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2023: Lawan, Gbajabiamila harp on issue-based campaigns



Political stakeholders including the Senate President Ahmad Lawan and Speaker of the House of Representatives Femi Gbajabiamila have harped on issue-based campaigns ahead of the 2023 general elections.

The duo made the call at an event organised by the National Institute for Legislative and Democratic Studies (NILDS) in collaboration with the Kukah Centre.

It was reported that the event has as the theme, “High-level Forum on Political Communication and Issue-based Campaign in the 2023 General Elections”.

Declaring the forum open, the senate president said that the dialogue was not just fitting and proper but also apt considering the kick-off of campaigns soon ahead of the 2023 elections.

He urged politicians to guard against inciting utterances that could jeopardise Nigeria’s democracy.

“I wish to passionately implore all stakeholders to be conscious of their messaging and focus on issue-based campaign that shuns violence and hate speech.

“Many have pointed out the extreme and prejudicial dimensions that political conversations have assumed in the last few weeks.

“Rather than emphasise discussion on policy positions to address many of the social and economic challenges we face, we are engaged in frivolous, illogical and sensational exchanges,” he said.

He called on the participants to reflect on the seriousness of governance and the need to make campaigns more issue-based.

“It is easy to dwell on trivialities and engage in a shouting contest.

“What should occupy our minds and discussions in the coming weeks and months include tackling insecurity and building on the gains made by the present administration of President Muhammadu Buhari in this regard,” he said

In his remarks, Gbajabiamila said that political campaigning formed an essential element in democratic practices and was crucial for executing political strategies.

“As such, political campaigns provide a dynamic platform for political actors to connect with the electorate.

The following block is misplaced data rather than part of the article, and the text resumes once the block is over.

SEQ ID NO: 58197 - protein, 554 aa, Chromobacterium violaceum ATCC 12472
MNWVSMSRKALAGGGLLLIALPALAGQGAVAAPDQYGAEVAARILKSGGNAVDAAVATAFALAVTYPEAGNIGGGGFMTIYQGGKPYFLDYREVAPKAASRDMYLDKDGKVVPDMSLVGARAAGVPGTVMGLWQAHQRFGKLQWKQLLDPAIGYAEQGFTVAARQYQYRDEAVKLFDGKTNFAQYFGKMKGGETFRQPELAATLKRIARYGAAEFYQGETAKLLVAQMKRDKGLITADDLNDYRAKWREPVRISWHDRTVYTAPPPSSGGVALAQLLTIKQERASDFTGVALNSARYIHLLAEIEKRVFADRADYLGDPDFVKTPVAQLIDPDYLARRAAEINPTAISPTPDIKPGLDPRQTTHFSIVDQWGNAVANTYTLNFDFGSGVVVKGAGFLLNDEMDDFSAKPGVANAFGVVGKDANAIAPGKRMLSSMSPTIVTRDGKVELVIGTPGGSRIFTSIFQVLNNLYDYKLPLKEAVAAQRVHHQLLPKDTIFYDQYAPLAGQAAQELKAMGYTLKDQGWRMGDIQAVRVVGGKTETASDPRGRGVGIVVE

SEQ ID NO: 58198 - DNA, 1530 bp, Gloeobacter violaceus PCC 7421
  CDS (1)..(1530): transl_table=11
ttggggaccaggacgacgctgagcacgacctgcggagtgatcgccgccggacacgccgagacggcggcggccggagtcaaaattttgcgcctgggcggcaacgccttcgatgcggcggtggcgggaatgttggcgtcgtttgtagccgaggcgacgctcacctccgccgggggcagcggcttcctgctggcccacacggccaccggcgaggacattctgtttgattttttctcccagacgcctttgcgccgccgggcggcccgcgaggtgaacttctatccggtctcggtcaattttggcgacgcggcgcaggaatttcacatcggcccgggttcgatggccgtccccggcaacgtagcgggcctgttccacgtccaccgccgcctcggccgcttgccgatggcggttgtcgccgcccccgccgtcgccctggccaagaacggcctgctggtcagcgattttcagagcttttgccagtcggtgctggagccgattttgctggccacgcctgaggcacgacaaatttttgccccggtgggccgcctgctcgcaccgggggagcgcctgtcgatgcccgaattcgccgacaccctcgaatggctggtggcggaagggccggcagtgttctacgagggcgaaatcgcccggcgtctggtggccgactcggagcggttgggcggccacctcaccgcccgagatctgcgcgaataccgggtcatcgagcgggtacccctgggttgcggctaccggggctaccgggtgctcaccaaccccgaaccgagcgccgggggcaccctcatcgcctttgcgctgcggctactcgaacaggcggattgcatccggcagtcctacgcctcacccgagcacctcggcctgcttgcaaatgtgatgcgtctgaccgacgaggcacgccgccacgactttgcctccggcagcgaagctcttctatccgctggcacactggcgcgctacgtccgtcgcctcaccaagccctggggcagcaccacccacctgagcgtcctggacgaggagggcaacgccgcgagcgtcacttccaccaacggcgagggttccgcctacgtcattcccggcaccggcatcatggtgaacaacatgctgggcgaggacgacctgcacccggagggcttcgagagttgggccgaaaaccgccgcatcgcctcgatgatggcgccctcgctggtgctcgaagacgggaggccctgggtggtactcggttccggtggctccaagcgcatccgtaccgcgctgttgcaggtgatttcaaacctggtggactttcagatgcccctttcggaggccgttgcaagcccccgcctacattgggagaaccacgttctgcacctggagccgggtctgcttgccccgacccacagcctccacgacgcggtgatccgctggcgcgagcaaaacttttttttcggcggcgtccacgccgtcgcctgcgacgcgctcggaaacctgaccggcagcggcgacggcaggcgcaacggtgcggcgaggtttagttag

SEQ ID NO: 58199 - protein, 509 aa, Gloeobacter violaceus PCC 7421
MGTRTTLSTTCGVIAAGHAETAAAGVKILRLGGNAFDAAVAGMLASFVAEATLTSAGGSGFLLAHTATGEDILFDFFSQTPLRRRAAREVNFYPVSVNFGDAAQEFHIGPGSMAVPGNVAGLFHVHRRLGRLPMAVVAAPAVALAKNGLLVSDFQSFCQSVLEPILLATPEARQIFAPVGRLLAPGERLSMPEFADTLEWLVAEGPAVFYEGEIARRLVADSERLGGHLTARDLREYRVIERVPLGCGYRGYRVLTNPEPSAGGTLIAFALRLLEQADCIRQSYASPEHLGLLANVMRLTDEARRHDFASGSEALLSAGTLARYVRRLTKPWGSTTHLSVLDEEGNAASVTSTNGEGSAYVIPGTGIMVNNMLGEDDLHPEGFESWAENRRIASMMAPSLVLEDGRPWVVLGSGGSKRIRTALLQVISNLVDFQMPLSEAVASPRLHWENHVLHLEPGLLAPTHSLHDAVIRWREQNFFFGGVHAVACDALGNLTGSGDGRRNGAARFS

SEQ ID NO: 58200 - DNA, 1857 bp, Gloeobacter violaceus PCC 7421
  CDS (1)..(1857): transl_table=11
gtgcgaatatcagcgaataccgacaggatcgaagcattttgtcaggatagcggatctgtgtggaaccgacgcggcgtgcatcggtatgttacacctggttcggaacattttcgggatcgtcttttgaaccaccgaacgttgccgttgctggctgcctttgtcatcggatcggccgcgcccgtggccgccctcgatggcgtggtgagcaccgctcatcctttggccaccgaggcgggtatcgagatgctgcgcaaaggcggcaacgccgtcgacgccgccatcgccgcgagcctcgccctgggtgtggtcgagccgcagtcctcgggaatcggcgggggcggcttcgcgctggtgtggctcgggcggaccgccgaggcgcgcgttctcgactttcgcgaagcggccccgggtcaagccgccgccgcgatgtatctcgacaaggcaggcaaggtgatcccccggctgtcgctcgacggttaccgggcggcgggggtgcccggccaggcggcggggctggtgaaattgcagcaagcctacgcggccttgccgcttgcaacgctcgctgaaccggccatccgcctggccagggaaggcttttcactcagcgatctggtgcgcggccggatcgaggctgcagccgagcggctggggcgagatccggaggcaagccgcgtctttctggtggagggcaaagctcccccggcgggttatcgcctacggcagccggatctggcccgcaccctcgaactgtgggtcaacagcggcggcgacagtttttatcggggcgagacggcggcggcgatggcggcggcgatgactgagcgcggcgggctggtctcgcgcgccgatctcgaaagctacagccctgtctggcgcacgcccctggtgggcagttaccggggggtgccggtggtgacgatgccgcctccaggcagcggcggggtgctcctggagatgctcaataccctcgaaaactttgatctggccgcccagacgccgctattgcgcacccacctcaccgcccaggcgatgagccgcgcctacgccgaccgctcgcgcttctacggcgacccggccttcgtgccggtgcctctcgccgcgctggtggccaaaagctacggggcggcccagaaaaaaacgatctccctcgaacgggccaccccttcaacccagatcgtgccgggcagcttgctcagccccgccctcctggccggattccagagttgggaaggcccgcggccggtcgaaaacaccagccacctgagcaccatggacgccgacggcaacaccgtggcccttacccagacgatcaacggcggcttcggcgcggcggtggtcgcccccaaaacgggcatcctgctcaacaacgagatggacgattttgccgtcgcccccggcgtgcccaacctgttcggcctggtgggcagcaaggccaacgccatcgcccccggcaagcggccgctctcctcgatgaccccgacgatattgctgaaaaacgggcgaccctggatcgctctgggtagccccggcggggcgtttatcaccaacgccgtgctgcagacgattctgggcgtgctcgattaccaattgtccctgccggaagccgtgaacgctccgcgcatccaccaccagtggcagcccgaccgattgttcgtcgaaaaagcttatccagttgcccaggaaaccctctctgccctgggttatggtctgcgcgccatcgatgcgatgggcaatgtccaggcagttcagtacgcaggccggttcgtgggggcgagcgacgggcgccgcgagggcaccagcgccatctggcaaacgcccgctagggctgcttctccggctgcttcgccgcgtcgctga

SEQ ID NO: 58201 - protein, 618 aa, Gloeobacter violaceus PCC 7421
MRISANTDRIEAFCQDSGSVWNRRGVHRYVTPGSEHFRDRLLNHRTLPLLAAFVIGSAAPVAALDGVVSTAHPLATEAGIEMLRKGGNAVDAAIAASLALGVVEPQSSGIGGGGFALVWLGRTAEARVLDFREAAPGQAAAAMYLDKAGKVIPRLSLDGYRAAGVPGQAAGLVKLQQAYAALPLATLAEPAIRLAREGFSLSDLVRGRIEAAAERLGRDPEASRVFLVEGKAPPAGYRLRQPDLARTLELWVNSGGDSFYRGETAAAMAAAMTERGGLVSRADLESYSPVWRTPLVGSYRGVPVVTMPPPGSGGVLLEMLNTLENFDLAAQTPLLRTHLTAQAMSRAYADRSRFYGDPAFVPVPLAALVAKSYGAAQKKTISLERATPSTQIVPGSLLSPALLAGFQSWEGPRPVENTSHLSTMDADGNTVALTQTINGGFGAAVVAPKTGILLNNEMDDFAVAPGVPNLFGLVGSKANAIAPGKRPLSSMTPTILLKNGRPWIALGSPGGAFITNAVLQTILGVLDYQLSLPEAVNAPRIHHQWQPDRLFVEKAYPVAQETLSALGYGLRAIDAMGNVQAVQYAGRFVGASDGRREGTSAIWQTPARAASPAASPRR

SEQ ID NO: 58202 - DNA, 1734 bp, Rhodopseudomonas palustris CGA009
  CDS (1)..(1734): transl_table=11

“As such, campaigns strengthen democracy by holding the elected accountable to the electors,” he said

The speaker, however, said that several studies had shown that campaigns could undermine democracy by inducing cynicism and undermining trust in government.

He said that as the country prepared to begin campaign activities, “the Electoral Act 2022 contains critical provisions on the conduct of political campaigns.

“Section 92 states that a political campaign or slogan shall not be tainted with abusive language directly or indirectly likely to injure religious, ethnic, tribal or sectional feelings.

“Sub-section 2 is even more direct in its prohibition of intemperate, slanderous or base language, insinuations, or innuendoes designed or likely to provoke violent reactions or emotions”.

He added that the act further stipulated sanctions for a political party, aspirant or candidate that contravened these provisions ranging from fines of up to N2 million or imprisonment for a term of 12 months.

Gbajabiamila, however, urged the Independent National Electoral Commission (INEC), to uphold and strictly implement the provisions of the Act and the Regulations and Guidelines.

“We in the National Assembly will continue to support INEC by providing the necessary funds required for the smooth conduct of the 2023 elections,” he stated.

In his welcome address, Director-General NILDS, Prof. Abubakar Sulaiman, said that the forum was borne out of the conviction that better communication and negotiation could create harmony and more desirable outcomes in politics.

“Political campaigning is an indispensable tool in the context of the electoral process in any democratic environment.”

“This is primarily because they create a platform and an opportunity for political actors to reach out to the electorate and share their ideological and policy positions,” he observed.

He further said that in spite of these advantages, it is well known that campaigns could undermine democracy, particularly when they induce cynicism among the populace and undermine trust in government.

Sulaiman noted that it was self-evident that the build-up to the 2023 general elections raises genuine concerns about the pattern of public communication among political actors.

He, therefore, said that the high-level forum addressed some of these critical issues to promote issue-oriented political communication.

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Naomi Sharang

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